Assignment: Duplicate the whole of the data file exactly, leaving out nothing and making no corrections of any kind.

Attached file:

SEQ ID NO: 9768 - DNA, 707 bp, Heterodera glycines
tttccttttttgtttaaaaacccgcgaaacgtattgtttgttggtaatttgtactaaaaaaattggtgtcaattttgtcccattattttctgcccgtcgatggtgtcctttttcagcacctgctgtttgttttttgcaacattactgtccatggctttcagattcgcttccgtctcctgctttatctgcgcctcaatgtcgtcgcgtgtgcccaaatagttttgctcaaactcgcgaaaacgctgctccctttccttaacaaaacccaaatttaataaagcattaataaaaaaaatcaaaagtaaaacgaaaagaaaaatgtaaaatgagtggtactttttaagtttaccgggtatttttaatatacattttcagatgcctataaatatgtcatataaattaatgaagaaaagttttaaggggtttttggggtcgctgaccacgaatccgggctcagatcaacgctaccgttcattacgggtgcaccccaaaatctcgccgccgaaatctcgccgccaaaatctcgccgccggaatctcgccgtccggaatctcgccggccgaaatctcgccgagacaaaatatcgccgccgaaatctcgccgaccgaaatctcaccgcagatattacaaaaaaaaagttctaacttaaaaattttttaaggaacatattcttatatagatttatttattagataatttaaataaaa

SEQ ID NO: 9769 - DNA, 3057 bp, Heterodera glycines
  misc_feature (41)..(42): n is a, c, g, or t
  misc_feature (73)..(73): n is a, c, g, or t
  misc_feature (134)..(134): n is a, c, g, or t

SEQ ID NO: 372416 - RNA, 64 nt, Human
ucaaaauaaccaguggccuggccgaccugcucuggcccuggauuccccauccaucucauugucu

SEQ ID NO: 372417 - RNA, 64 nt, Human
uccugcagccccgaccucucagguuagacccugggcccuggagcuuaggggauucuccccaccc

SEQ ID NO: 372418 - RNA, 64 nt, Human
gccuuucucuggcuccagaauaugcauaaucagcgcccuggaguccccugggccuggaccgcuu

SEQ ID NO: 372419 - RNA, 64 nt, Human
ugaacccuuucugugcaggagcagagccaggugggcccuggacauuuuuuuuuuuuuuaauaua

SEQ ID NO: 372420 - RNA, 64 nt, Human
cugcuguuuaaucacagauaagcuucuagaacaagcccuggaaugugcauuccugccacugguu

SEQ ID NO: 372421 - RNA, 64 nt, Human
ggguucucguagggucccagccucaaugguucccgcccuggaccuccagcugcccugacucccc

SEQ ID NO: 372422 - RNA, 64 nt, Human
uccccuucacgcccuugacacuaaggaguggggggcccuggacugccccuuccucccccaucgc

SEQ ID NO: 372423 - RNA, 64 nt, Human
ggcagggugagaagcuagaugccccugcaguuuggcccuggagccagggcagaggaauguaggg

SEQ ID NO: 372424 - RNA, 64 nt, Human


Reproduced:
SEQ ID NO: 9768 - DNA, 707 bp, Heterodera glycines
tttccttttttgtttaaaaacccgcgaaacgtattgtttgttggtaatttgtactaaaaaaattggtgtcaattttgtcccattattttctgcccgtcgatggtgtcctttttcagcacctgctgtttgttttttgcaacattactgtccatggctttcagattcgcttccgtctcctgctttatctgcgcctcaatgtcgtcgcgtgtgcccaaatagttttgctcaaactcgcgaaaacgctgctccctttccttaacaaaacccaaatttaataaagcattaataaaaaaaatcaaaagtaaaacgaaaagaaaaatgtaaaatgagtggtactttttaagtttaccgggtatttttaatatacattttcagatgcctataaatatgtcatataaattaatgaagaaaagttttaaggggtttttggggtcgctgaccacgaatccgggctcagatcaacgctaccgttcattacgggtgcaccccaaaatctcgccgccgaaatctcgccgccaaaatctcgccgccggaatctcgccgtccggaatctcgccggccgaaatctcgccgagacaaaatatcgccgccgaaatctcgccgaccgaaatctcaccgcagatattacaaaaaaaaagttctaacttaaaaattttttaaggaacatattcttatatagatttatttattagataatttaaataaaa

SEQ ID NO: 9769 - DNA, 3057 bp, Heterodera glycines
  misc_feature (41)..(42): n is a, c, g, or t
  misc_feature (73)..(73): n is a, c, g, or t
  misc_feature (134)..(134): n is a, c, g, or t

SEQ ID NO: 372416 - RNA, 64 nt, Human
ucaaaauaaccaguggccuggccgaccugcucuggcccuggauuccccauccaucucauugucu

SEQ ID NO: 372417 - RNA, 64 nt, Human
uccugcagccccgaccucucagguuagacccugggcccuggagcuuaggggauucuccccaccc

SEQ ID NO: 372418 - RNA, 64 nt, Human
gccuuucucuggcuccagaauaugcauaaucagcgcccuggaguccccugggccuggaccgcuu

SEQ ID NO: 372419 - RNA, 64 nt, Human
ugaacccuuucugugcaggagcagagccaggugggcccuggacauuuuuuuuuuuuuuaauaua

SEQ ID NO: 372420 - RNA, 64 nt, Human
cugcuguuuaaucacagauaagcuucuagaacaagcccuggaaugugcauuccugccacugguu

SEQ ID NO: 372421 - RNA, 64 nt, Human
ggguucucguagggucccagccucaaugguucccgcccuggaccuccagcugcccugacucccc

SEQ ID NO: 372422 - RNA, 64 nt, Human
uccccuucacgcccuugacacuaaggaguggggggcccuggacugccccuuccucccccaucgc

SEQ ID NO: 372423 - RNA, 64 nt, Human
ggcagggugagaagcuagaugccccugcaguuuggcccuggagccagggcagaggaauguaggg

SEQ ID NO: 372424 - RNA, 64 nt, Human